Use green development to save money and energy

By Sarah Hippensteel Hall, Ph.D., Manager for Watershed Partnerships

Last month we discussed how green development can reduce flooding, save money, reduce energy use, and improve public health. This month we want to key in on a few of the more popular green development practices and their incentives.

Rain gardens filter out pollutants and allow about 30 percent more water to soak into the ground than a patch of lawn.

Rain gardens filter out pollutants

Studies show that up to 70 percent of the pollution in our streams and rivers is carried there by stormwater. Rain gardens help filter out stormwater pollution before it flows into streams and rivers.

Rain gardens:

  • Feature attractive landscaping with perennial native plants.
  • Are designed to absorb stormwater runoff from impervious surfaces such as roofs and parking lots.
  • Allow water to slowly filter into the ground rather than run off to storm drains.
  • Allow about 30 percent more water to soak into the ground compared to a patch of lawn.
  • Come in a variety of sizes from small or large home-owner style gardens to complex bioretention gardens, and anything in between.
  • Can be bowl-shaped or saucer-shaped gardens.

Rain gardens are particularly effective at reducing solids and nutrients – like nitrogen and phosphorus – in stormwater runoff from residential yards and parking lots. Research done by the Center for Watershed Protection found that bioretention facilities installed in parking lots reduced total phosphorous in runoff by 65 percent, total nitrogen by 49 percent, and metals by 95-97 percent.

MCD helped install rain gardens in several locations to demonstrate their effectiveness:

  • City of Springfield
  • City of Brookville Wenger Woods neighborhood
  • Heritage Park in Hamilton County
  • Preble County Historical Society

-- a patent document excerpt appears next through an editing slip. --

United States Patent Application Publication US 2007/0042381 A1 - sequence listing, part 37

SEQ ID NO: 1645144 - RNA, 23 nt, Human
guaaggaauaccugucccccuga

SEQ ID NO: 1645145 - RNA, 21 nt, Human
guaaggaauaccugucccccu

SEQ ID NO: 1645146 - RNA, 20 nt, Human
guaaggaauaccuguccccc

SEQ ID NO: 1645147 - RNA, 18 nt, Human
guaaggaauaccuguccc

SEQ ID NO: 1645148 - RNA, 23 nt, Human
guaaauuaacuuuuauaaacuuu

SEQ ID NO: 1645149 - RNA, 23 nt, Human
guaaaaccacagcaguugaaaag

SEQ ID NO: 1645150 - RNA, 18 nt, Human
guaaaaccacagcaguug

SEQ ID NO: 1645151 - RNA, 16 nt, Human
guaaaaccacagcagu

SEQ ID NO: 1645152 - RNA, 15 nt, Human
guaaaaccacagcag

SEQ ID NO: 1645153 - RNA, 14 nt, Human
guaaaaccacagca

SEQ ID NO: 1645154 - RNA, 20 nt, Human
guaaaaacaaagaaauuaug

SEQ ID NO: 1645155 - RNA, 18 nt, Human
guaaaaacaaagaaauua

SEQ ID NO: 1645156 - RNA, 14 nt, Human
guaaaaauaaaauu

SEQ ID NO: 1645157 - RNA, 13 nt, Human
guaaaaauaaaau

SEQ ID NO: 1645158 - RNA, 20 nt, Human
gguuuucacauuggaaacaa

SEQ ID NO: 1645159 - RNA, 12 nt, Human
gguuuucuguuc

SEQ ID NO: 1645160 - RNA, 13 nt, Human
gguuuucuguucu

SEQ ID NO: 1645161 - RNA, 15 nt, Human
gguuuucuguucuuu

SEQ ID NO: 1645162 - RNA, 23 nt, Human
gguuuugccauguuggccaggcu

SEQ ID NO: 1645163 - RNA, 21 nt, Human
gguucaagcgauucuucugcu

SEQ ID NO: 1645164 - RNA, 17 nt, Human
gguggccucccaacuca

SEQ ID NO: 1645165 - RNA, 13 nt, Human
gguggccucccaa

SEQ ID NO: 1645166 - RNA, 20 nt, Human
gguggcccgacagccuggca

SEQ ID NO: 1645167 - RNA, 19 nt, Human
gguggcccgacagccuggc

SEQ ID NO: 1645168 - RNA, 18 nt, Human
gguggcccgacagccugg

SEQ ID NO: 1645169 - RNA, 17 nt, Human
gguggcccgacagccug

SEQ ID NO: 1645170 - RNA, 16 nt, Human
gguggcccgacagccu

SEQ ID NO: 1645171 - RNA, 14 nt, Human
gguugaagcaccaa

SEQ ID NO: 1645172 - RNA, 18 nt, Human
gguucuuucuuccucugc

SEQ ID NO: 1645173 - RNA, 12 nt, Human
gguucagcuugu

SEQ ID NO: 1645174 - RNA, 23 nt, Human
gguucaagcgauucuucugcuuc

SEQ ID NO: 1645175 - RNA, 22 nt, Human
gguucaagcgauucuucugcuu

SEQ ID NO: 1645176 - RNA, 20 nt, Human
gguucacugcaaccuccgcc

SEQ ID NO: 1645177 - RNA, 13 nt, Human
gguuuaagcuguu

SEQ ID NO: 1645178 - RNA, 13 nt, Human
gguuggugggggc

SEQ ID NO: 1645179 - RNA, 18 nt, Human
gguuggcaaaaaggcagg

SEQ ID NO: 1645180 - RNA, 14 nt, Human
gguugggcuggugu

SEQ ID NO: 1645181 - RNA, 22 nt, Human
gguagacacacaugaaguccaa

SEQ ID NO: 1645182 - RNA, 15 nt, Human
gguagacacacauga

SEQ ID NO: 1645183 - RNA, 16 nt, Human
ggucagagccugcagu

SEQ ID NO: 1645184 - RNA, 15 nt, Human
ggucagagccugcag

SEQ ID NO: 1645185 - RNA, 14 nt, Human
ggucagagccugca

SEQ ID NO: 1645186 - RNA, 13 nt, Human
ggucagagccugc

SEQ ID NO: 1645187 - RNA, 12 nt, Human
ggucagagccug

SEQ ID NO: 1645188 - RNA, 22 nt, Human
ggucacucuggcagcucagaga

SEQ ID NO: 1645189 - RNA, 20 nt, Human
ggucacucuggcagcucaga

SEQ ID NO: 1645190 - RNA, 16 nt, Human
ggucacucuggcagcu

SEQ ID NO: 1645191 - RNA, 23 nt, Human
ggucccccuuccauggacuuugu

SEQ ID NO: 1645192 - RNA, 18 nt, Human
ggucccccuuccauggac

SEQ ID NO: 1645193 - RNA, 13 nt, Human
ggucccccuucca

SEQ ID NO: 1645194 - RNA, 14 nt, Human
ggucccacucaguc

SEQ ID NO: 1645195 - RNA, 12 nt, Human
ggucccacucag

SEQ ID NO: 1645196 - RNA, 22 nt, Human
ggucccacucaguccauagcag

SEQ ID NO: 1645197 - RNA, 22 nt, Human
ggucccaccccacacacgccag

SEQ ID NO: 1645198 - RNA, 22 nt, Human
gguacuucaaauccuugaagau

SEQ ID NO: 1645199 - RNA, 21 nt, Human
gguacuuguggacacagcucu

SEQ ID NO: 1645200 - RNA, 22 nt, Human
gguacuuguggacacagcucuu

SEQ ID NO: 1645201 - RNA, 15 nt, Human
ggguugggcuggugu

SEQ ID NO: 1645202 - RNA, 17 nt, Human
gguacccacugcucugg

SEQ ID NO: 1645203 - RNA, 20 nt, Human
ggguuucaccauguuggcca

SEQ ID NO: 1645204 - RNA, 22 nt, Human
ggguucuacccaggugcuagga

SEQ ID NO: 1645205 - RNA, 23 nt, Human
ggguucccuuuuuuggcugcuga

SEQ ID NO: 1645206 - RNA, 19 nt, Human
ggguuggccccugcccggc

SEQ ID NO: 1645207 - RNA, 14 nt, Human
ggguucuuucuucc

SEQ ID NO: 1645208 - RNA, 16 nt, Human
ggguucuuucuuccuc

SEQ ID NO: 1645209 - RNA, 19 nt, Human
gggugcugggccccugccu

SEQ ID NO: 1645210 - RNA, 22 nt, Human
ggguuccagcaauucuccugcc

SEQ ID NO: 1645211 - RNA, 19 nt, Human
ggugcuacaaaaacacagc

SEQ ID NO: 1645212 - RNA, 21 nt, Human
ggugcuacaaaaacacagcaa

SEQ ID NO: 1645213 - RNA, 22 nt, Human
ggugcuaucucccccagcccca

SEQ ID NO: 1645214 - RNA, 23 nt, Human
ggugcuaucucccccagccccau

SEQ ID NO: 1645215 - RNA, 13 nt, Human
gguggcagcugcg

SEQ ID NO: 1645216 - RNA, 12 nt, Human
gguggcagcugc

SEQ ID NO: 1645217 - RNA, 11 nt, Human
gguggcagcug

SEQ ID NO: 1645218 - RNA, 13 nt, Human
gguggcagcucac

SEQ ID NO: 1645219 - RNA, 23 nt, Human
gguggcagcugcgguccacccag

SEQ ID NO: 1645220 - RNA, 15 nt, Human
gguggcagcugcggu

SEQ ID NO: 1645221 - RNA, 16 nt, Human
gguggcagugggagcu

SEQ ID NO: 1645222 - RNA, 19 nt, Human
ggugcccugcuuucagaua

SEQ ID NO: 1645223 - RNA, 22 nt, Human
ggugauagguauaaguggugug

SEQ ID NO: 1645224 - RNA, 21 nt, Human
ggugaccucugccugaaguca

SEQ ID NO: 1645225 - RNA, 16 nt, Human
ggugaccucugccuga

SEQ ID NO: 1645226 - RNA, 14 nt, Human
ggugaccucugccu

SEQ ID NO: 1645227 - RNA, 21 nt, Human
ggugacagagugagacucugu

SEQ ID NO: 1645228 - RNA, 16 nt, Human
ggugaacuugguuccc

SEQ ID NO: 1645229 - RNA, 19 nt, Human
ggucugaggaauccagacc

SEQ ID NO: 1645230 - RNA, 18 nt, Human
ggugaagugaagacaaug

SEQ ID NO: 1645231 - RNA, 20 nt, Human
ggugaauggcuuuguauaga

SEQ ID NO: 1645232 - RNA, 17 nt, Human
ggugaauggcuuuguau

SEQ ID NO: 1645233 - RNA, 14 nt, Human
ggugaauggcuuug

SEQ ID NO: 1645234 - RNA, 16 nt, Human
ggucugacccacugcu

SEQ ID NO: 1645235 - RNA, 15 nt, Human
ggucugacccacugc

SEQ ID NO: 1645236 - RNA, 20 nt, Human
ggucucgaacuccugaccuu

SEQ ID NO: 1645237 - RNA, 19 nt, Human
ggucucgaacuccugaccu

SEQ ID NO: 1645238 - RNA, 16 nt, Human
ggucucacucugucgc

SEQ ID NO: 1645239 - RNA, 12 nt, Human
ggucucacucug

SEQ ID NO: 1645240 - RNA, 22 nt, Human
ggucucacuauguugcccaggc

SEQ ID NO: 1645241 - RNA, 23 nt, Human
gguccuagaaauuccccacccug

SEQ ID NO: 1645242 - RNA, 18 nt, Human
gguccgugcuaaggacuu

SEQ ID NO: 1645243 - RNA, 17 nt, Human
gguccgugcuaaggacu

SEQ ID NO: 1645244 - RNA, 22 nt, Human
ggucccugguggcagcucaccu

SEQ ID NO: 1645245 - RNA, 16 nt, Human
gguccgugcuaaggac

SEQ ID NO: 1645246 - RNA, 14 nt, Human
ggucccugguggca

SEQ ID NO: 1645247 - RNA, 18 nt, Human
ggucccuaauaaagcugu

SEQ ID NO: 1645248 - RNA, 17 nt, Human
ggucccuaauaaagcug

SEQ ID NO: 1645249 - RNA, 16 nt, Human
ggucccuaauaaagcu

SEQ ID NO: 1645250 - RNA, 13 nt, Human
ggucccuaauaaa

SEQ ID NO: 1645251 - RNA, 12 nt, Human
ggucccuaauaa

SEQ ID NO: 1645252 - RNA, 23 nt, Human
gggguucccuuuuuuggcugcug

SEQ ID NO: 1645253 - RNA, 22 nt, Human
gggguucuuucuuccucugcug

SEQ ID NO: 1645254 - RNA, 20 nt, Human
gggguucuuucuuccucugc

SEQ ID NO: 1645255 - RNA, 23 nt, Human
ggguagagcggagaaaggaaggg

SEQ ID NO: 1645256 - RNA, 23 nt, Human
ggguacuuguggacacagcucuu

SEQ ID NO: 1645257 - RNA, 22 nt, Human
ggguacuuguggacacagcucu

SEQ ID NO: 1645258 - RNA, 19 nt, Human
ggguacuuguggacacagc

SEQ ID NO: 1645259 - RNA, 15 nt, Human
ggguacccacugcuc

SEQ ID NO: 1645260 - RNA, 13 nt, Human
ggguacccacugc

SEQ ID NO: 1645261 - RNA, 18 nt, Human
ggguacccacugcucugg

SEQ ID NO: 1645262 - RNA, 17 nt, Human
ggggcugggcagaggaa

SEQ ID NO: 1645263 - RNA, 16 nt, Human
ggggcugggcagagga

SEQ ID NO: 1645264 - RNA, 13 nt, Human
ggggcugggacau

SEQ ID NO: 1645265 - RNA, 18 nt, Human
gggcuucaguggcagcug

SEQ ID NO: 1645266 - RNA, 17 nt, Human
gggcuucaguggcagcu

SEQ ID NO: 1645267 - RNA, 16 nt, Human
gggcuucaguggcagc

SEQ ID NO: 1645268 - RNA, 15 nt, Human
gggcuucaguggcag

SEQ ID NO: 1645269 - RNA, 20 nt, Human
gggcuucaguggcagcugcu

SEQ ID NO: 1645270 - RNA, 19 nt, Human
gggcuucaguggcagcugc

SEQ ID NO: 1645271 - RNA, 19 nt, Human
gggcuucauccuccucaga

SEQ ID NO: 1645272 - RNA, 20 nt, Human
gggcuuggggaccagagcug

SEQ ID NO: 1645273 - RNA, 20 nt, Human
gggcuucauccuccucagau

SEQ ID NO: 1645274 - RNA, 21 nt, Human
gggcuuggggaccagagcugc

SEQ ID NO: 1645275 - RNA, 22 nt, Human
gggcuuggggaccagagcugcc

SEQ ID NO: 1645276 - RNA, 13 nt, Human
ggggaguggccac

Pavers last decades longer than traditional asphalt and concrete driveways.

Pervious pavers absorb rain and snow

Pervious pavers are an alternative to a traditional asphalt or concrete driveway.

When stormwater flows over lawns and concrete driveways, it can carry with it chemicals, fertilizers, sediment and oils, which can degrade the quality of water running into storm sewers. Pervious pavers help slow polluted stormwater runoff, allowing the water to soak into the aquifer instead of flowing off the land and into rivers and streams.

Paver driveways and walkways allow rain and snowmelt to soak through the cracks between each paver so that water doesn’t pond during a rainstorm, and ice doesn’t form in the winter.

While concrete or asphalt surfaces may require a lower initial investment, paver systems are known to last decades longer. They also require little maintenance because they aren’t prone to cracking. When pavers need repaired, only the damaged section needs to be replaced, not the entire surface.

MCD uses pervious pavers to increase infiltration and slow runoff at its headquarters building in downtown Dayton. MCD also helped install pervious pavers at several homes in the City of Brookville’s Wenger Woods neighborhood.

Green roofs have been widely used in Europe for centuries but are still catching on in the U.S.

Green roofs mitigate heat and improve air quality

Green roofs, which are made from natural plant material, have natural thermal insulation properties that keep structures cooler in the summer and warmer in the winter. Green roofs are a layer of light weight vegetation that is installed over a roof membrane. They offer features and benefits not present in a conventional membrane roof such as:

  • The vegetation and soil layers protect the waterproof membrane from solar exposure, prolonging roof membrane life.
  • The soil provides additional insulation and shades the roof from solar heat gain.
  • Environmental benefits – including stormwater filtration, heat island mitigation, improved air quality and increased wildlife habitat.

Green roofs have been used in Europe for centuries, but are still catching on in popularity here. They are particularly cost-effective:

  • In dense urban areas where land values are high.
  • On large industrial or office buildings where stormwater management costs are likely to be high.

MCD helped install green roofs on several modular homes in the Canal Block Litehouse Development in downtown Dayton. Green roofs are also in use on top of Dayton’s city hall building and Springfield Regional Medical Center.

How you can help

Your community can encourage the installation of green practices – like the three listed above – by updating your development policies to encourage builders to think green.

An easy way to get started is to host a Site Planning Roundtable that brings together local leaders from government, development, and natural resources. MCD staff can, in partnership with local sponsors, assist communities during all phases of the Site Planning Roundtable. Call me at 937-223-1278 ext. 3244 and let’s get started!

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